I missed the middle weekend of CIFF due to a wedding in Sydney, but I was soon back in town for some more CIFF goodness. The week got off to a good start with one of the best films of the year.
CIFF Film Three – AmourDirector – Michael Haneke Starring – Jean-Louis Trintignant, Emmanuelle Riva, Isabelle Huppert Writer – Michael Haneke Year – 2012 Running Time – 94 mins
For me, Amour was one of the best films of the festival and indeed of the year. It is a powerful, beautiful, emotional and at times grueling tale of one man’s love for his wife
I have not seen any of Haneke’s previous work, but from what I can tell Amour is true to form. The depths of the story are immense and the direction, whilst simple, is frankly masterful. We see the world purely through the eyes of the two leads and apart from brief moments, we are confined to their spacious Parisian apartment. Heneke uses this simplicity to great effect, building deep emotional layers that are at times confronting, but always compelling.
The two leads bring a lifetimes worth of experience to the role and there was not a single moment in the entire film that I did not fully believe in their characters and their relationship. A simply stunning achievement of a film, which you simply have to see.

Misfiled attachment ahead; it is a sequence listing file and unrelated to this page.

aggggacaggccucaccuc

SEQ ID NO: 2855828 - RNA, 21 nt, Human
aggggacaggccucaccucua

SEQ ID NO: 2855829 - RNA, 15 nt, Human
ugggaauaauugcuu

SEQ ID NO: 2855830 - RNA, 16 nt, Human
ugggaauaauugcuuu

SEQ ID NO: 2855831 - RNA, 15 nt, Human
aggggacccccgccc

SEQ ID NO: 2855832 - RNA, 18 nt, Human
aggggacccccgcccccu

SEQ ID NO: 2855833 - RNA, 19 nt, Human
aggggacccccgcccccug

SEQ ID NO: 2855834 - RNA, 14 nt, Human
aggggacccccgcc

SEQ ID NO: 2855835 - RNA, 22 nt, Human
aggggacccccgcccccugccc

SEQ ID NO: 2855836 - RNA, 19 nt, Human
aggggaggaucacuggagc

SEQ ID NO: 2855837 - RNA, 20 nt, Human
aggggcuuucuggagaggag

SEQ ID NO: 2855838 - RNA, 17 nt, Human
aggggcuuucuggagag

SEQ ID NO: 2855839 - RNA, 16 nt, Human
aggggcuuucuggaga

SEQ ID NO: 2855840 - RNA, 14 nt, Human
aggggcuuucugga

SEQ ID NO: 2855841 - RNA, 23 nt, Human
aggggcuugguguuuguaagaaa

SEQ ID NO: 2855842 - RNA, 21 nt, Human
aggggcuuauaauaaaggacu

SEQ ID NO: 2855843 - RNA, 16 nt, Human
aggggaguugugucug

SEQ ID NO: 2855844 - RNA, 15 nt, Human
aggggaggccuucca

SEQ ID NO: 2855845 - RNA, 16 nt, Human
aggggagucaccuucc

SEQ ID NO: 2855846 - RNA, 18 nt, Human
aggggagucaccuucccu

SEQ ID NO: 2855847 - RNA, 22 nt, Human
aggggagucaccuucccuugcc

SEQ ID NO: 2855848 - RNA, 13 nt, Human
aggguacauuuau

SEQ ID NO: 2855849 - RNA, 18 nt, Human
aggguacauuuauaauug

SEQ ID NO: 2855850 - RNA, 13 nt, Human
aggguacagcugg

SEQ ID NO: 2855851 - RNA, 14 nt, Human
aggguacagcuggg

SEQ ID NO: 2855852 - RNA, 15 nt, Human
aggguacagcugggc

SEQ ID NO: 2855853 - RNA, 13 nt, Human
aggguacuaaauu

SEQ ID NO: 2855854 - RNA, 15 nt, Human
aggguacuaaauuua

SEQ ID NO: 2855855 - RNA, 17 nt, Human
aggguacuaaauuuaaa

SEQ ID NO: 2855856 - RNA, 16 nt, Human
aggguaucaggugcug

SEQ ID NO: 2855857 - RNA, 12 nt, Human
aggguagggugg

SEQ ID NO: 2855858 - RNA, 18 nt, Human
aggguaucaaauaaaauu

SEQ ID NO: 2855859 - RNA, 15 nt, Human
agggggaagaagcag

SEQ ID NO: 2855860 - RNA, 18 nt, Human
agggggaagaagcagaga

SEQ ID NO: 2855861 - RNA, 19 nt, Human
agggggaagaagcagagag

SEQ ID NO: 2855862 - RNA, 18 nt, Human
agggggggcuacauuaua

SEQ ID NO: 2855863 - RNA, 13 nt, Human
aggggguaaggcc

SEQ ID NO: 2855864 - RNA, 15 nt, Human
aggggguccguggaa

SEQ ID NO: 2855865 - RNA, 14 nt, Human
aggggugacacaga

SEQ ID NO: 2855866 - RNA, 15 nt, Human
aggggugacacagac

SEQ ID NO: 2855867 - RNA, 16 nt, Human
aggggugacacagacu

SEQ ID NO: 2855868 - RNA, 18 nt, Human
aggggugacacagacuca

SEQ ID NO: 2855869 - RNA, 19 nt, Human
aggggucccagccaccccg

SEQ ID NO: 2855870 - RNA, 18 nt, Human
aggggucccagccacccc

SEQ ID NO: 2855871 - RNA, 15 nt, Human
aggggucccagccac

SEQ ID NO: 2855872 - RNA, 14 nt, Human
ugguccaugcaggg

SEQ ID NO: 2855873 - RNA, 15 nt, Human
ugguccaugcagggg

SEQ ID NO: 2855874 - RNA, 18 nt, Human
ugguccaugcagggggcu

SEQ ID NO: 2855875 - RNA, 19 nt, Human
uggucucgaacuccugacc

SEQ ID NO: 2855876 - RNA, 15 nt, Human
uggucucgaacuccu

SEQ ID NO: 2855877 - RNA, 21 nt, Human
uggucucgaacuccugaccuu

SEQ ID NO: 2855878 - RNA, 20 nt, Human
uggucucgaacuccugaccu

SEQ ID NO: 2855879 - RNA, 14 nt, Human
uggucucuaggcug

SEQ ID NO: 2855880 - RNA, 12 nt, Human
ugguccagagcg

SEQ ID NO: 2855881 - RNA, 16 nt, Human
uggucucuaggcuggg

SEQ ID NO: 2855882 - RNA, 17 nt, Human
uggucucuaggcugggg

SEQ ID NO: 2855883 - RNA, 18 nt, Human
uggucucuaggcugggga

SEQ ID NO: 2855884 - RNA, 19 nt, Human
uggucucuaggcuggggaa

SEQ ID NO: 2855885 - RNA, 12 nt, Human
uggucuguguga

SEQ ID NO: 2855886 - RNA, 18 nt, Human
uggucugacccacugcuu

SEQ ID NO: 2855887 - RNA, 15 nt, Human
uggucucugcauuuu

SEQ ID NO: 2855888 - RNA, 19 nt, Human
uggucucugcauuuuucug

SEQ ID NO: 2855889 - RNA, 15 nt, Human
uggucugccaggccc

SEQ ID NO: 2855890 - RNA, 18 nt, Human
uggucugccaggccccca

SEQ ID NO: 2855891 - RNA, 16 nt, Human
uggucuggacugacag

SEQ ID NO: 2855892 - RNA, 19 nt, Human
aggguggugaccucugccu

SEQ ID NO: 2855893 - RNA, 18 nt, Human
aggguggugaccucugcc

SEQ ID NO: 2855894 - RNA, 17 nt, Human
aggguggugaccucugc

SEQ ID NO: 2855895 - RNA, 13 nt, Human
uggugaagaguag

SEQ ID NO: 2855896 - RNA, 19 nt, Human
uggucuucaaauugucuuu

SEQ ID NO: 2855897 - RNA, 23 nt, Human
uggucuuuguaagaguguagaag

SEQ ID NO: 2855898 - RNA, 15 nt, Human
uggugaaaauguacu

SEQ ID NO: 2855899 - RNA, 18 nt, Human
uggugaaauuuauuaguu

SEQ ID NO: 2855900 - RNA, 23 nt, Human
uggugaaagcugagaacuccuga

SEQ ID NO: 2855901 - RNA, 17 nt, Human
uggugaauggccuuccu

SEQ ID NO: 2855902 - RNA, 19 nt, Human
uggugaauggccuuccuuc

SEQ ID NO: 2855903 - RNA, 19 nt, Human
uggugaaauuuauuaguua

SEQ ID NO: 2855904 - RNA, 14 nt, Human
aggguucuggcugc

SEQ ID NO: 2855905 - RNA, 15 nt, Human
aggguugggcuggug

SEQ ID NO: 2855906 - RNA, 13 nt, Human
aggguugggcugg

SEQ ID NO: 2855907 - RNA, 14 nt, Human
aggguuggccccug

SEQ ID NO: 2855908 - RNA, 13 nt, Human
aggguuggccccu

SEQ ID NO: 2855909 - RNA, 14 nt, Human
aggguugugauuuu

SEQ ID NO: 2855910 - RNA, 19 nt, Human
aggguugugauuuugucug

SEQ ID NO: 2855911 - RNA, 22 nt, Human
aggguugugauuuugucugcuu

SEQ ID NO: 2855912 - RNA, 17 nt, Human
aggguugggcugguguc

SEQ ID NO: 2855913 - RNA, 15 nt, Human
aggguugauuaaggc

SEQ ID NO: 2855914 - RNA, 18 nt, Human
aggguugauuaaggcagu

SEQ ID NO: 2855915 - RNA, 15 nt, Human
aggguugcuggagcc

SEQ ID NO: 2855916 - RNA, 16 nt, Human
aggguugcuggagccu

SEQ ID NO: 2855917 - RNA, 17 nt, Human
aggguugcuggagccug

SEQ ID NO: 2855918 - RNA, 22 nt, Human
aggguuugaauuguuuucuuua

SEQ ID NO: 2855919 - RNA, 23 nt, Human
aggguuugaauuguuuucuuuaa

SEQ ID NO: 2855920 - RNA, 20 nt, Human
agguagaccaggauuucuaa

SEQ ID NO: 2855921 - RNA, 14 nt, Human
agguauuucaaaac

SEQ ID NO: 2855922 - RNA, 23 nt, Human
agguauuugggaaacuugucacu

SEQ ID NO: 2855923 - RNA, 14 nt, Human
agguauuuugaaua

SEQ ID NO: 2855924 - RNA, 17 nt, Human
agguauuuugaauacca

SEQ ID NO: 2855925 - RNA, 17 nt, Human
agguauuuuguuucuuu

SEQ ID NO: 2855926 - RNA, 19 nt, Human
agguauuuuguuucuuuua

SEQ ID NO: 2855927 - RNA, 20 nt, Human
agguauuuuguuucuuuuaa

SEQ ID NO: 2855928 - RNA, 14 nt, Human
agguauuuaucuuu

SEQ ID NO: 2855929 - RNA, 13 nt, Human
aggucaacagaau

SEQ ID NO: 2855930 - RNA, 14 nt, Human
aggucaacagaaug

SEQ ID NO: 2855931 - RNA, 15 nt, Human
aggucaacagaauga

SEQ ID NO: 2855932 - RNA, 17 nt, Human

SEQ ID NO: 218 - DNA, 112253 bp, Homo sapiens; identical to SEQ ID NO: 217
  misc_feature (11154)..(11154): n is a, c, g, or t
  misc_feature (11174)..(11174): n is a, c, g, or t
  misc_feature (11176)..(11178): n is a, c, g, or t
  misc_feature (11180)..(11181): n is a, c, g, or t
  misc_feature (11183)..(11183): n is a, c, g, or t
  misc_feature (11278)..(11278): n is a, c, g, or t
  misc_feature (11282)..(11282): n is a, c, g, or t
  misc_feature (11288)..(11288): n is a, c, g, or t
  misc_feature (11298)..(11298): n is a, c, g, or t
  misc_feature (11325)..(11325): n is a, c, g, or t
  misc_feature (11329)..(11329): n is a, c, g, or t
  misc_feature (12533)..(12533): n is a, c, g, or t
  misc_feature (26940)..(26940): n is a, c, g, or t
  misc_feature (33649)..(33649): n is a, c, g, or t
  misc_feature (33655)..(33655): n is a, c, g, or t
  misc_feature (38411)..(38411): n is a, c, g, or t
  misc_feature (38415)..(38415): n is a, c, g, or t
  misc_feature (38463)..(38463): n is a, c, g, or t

CIFF Film Four – SightseersDirector – Ben Wheatley Starring – Alice Lowe, Steve Oram Writer – Alice Lowe, Steve Oram Year – 2012 Running Time – 95 mins
After the emotion of Amour, I was looking forward to a slightly lighter film with Sightseers. I knew nothing of the plot so didn’t really know what to expect going in. However, what I wasn’t expecting was a pitch-dark comedy about serial killers, the countryside and caravanning.
Alice Lowe and Steve Oram play an unlikely couple who set off on an ‘erotic odyssey’ in the back of a caravan in the heart of the English countryside. However as the wheels start coming off, the odyssey quickly turns into a killing spree with the couple leaving a trail of dead bodies in their rear view mirror.
The small cast are all on murderously good form, with Lowe and Oram playing off each other exceptionally well as a sort of Bonnie and Clyde for the Caravan Club generation. The two have a very odd kind of chemistry and are at their best when interacting with unsuspecting tourists. These exchanges are beautifully socially awkward with perceived slights quickly punished by our dangerous duo.
The other main star has to be Ben Wheatley’s direction. The killing scenes are brutally shot and scored. You see each drop of blood and feel each crunch of bone. In one particular scene you feel like you are with the body the whole way down. Shot against the backdrop of the beauty of the Lake District and filmed mostly using natural light, Wheatley doesn’t present this as a green and pleasant land, instead its pissing down and grey most of the time, a bit like our couples’ mood.
Sightseers is one of the best and most original British comedies of recent times and comes highly recommended. It has also confirmed a long-held suspicion about what caravanners really get up to.